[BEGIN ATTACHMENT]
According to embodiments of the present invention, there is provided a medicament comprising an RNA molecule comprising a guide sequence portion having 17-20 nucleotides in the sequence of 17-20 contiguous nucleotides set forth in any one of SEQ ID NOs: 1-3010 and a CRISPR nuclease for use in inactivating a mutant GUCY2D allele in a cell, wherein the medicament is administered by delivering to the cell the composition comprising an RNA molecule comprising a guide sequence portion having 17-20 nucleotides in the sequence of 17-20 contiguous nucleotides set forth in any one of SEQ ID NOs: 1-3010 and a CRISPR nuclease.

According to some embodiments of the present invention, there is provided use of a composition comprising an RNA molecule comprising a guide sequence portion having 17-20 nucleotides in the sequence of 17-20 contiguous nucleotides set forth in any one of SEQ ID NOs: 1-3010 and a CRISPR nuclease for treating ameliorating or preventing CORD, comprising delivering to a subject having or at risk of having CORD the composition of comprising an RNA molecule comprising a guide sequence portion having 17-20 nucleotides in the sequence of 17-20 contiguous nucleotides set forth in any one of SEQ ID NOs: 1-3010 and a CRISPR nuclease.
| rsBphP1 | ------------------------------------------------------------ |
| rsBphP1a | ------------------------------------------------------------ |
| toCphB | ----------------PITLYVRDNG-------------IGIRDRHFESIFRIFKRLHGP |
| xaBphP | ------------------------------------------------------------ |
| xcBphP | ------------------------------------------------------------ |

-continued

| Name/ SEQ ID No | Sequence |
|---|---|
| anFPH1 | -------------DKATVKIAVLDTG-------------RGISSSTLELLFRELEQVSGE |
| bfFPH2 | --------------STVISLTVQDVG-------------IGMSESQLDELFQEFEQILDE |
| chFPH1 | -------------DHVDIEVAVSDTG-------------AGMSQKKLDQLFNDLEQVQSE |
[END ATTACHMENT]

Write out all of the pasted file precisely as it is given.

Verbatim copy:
According to embodiments of the present invention, there is provided a medicament comprising an RNA molecule comprising a guide sequence portion having 17-20 nucleotides in the sequence of 17-20 contiguous nucleotides set forth in any one of SEQ ID NOs: 1-3010 and a CRISPR nuclease for use in inactivating a mutant GUCY2D allele in a cell, wherein the medicament is administered by delivering to the cell the composition comprising an RNA molecule comprising a guide sequence portion having 17-20 nucleotides in the sequence of 17-20 contiguous nucleotides set forth in any one of SEQ ID NOs: 1-3010 and a CRISPR nuclease.

According to some embodiments of the present invention, there is provided use of a composition comprising an RNA molecule comprising a guide sequence portion having 17-20 nucleotides in the sequence of 17-20 contiguous nucleotides set forth in any one of SEQ ID NOs: 1-3010 and a CRISPR nuclease for treating ameliorating or preventing CORD, comprising delivering to a subject having or at risk of having CORD the composition of comprising an RNA molecule comprising a guide sequence portion having 17-20 nucleotides in the sequence of 17-20 contiguous nucleotides set forth in any one of SEQ ID NOs: 1-3010 and a CRISPR nuclease.
| rsBphP1 | ------------------------------------------------------------ |
| rsBphP1a | ------------------------------------------------------------ |
| toCphB | ----------------PITLYVRDNG-------------IGIRDRHFESIFRIFKRLHGP |
| xaBphP | ------------------------------------------------------------ |
| xcBphP | ------------------------------------------------------------ |

-continued

| Name/ SEQ ID No | Sequence |
|---|---|
| anFPH1 | -------------DKATVKIAVLDTG-------------RGISSSTLELLFRELEQVSGE |
| bfFPH2 | --------------STVISLTVQDVG-------------IGMSESQLDELFQEFEQILDE |
| chFPH1 | -------------DHVDIEVAVSDTG-------------AGMSQKKLDQLFNDLEQVQSE |